Newspaper Page Text
Hk ^eralD anil Jems.
Entered at the Postoffice at Newberry,
S. C. as 2nd class matter.
E. H. A I'LL, EDITOR.
Friday, April IT, 1914.
What a fine time this is for the use
of the split log drag. If used now we
would have a good road all summer.
It looks like fighting now with
Mexico. Mr. Huerta will find out if
the coming of the fleet Is only Yankee
bluff. He better fire that saline.
Had you ever taken notice of Friend
^:reet from the depot to he intersection
of Caldwell. And that is the
street most people come fi^om the
trains to the city. Wonder if we
- juld not indue? Mayor Wright to do
- " - -- a- - : A. TU ^
SDmetnmg 10 impi~u>e 11. me MI tret
not wide and it should not cost a
rreat deal ;o do the work.
The Democratic clubs are called to
*!ieet next Saturday ,April 25, for the
purpose of reorganizing and electing
elegates to the county convention.
There should be a full attendance up"n
"these meetings. Let every one go
t- -I *. J .1 ZC "U ~
i ms ciuu m^etms auu uieu n ne
3oes not have things to go just as he
iould like why let him bow gracefully
to the will of the majority.
Sometimes we feel like our co'remporary
that we would like to get off
*o some quiet place where we could
:hink without interruption, but it had
i ever occured to us 'that a jail would
e a good place. Maybe Brother AVal
'ace was thinking of the coming of
:ha army of candidates for governor
nd he was hoping that they would not
.'nvade the quietude of a jail cell.
That would be no barrier if they
i.iough't there was a possibility of a
GREAT COUNCIL RED MEN.
A detailed account of the meeting
ci the great council of Red Men is
ublisbed in another column. As statd
the great council continues to be
:ind to Newberry people and Newberry
Red Men in particular. It was
u most delightful meeting of the great
; ouncil. Harmony and good will and
ood fellowship prevailed throughout
the business sessions. There were no
' vidences of small and petty jealousies
:.na spites, and, of course, there should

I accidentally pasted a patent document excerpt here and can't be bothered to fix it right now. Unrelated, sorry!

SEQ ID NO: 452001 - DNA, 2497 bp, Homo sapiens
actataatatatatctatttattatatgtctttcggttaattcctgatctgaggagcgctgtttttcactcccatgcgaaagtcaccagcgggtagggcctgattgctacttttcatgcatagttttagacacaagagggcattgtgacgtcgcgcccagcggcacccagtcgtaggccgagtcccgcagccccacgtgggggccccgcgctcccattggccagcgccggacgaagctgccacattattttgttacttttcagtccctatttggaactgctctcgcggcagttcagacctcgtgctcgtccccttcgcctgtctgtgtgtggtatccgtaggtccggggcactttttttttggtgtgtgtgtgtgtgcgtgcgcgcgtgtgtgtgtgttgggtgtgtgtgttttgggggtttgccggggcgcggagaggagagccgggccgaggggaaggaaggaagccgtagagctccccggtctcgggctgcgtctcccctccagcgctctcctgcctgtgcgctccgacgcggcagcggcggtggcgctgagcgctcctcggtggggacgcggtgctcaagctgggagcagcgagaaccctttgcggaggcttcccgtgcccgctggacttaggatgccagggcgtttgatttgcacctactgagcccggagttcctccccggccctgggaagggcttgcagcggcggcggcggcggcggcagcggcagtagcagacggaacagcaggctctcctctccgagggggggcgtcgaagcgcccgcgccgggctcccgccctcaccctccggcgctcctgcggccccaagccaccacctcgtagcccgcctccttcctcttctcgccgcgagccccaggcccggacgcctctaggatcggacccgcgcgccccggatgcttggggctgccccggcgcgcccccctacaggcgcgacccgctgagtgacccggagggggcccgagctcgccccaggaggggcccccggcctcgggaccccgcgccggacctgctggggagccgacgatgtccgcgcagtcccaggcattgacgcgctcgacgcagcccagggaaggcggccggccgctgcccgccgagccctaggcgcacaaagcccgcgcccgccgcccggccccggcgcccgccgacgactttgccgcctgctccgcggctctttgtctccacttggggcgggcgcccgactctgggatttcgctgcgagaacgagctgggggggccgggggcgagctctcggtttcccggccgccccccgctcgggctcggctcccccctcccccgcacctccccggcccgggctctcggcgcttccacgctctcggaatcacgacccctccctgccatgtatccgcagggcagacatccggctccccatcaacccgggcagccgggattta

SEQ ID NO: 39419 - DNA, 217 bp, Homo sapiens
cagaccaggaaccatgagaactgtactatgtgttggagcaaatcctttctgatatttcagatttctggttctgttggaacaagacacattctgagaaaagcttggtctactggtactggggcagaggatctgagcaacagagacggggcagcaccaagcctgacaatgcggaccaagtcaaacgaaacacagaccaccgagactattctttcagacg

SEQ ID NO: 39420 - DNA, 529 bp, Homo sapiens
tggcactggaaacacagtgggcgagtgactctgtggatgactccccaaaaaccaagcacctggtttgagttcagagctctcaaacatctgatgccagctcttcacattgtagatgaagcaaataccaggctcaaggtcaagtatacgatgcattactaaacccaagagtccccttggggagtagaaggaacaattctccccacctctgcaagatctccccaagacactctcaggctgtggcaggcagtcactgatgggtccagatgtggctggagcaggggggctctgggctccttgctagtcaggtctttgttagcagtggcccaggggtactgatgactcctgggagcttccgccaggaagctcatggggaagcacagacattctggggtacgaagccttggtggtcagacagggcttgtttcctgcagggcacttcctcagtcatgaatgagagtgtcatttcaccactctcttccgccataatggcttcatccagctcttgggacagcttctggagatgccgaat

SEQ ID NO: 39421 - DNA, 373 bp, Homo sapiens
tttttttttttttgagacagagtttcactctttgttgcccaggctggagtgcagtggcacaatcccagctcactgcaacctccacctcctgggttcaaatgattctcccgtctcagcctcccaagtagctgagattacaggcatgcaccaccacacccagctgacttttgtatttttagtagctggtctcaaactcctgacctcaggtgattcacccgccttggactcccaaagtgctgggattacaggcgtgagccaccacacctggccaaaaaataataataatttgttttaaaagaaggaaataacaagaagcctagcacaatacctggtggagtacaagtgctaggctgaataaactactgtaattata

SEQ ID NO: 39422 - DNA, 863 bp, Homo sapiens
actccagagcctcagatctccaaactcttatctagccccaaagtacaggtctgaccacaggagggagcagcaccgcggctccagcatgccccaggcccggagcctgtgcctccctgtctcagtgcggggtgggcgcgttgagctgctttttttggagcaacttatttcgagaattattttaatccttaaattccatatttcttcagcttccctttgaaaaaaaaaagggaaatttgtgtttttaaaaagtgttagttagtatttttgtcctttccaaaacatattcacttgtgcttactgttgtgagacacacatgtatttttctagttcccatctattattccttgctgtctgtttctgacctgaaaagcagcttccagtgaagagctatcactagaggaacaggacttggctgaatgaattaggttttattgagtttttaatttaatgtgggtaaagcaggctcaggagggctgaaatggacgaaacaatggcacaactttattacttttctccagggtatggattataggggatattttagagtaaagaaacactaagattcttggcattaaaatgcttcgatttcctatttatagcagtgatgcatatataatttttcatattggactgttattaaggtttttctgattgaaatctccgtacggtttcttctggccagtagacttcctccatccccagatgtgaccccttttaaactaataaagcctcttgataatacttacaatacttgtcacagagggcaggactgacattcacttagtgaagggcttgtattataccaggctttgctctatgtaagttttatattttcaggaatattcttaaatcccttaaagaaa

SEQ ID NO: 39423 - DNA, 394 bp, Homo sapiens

I.ave been none, but sometimes even
among fraternal bodies these things
< reep out. The business was conclud?
d in one day.
* * *
Rock Hill is a live and progressive j
;own. The public meeting on LMon- i
r.ay night to welcome "he great coun- :
<-:i was attended by about a thousand !
; eople and the hearty manner in!
which they received their guests gave!
< vidence of their earnestness, and, no
doubt, instilled good feeling among j
vieitnre wbirt'i r-nntinnpH tr? npr- I
xade the whole meeting until the close;
* * ^
Rock Hill has about nine large cot-1
n mills a-;d a noied buggy factory,!
it the one thing which has made the!
;\vn known far and wide, and in the!
; ossession of which* 'the town is in- j
ed fortunate, is the \Vinthrop col-!
ge. It is a great institution and one j
. in !have no idea of it until he visits i
..e institution itself. Of course, you
mi judge a college to some extent by \
*- e graduates who leave the institu-j
n, but that is not always a fair test, j
Tiiis is a magnificent plant at Rock ^
Mill and it continues to grow. Presi-I
nt Johnson kindly arranged a re;
.-ption at the college for the great
ouncil and I am sure the members
< ;jdyed the hour spent there more
. an any other hour at Rock Hill.
* * *
The order seems to be in fine workcondition
in this S'a:e at this time
. .id I believe that the next great coun- j
! moDfinc in Vowhornv will fi'hnw f> !
cidei' increase in membership. The J
scorning great sachem, the Hon. Al-J
t E. Hill, is young and active and j
:th the active cooperation of thej
her great chiefs there is no reason j
: t to expect to see a great gain in
:..ombership during this great sun.
/The great P?cahaatas also held the
mee:ing in Rock Hill. The past year
1 has siiown a decided increase in the
membership and interest in this
branch of the order. The great Poca!
hontas is from Newberry.
* # *
' -- M ?11 1- . 1 1.1
rne next great council win ue ueiu
in Newberry and we will have to do
i about some to equal the good time
| given the members a: Hock Hill.
E. H. A.
r T- r r r v r */*
i e> DEMOCRATIC ( LI B MEETINGS
i f v r <?> i * > -v v v v'
Ci T ?1ao
Sr. Lukes Democratic club will meet I
at St. Lukes on Saturday, April 2~> at i
J. F. Nichols,
Garmany Democratic club is called
i - - _a 1 K ? 0.-> +
i lu ineei at vjcimi<111 v scnuui nuu^c oaij
urday, April 25 at 4 o'clock.
H. C. Suber,
B. B. Leitzsey, President.
St. Philips Democratic club will
> meet at Prosperity April 25th, at 4
X. S. Xichols,
Union Democratic culb will meet at
} Union Academy Saturday, April 2otn,
I at 1 o'clock to reorganize and elect deI
legates to county convention,
j By order of president.
W. S. En low,
M. L. Strauss,
j Monticello Democratic club will
mee; at Monticello school house Saturday
April 25th, at 1 o'clock p. m., for
the purpose of reorganization as required
by the Democratic party.
T. L. Dawkins,
Trinity Young Men's Democratic [
club will meet at Trinity school house '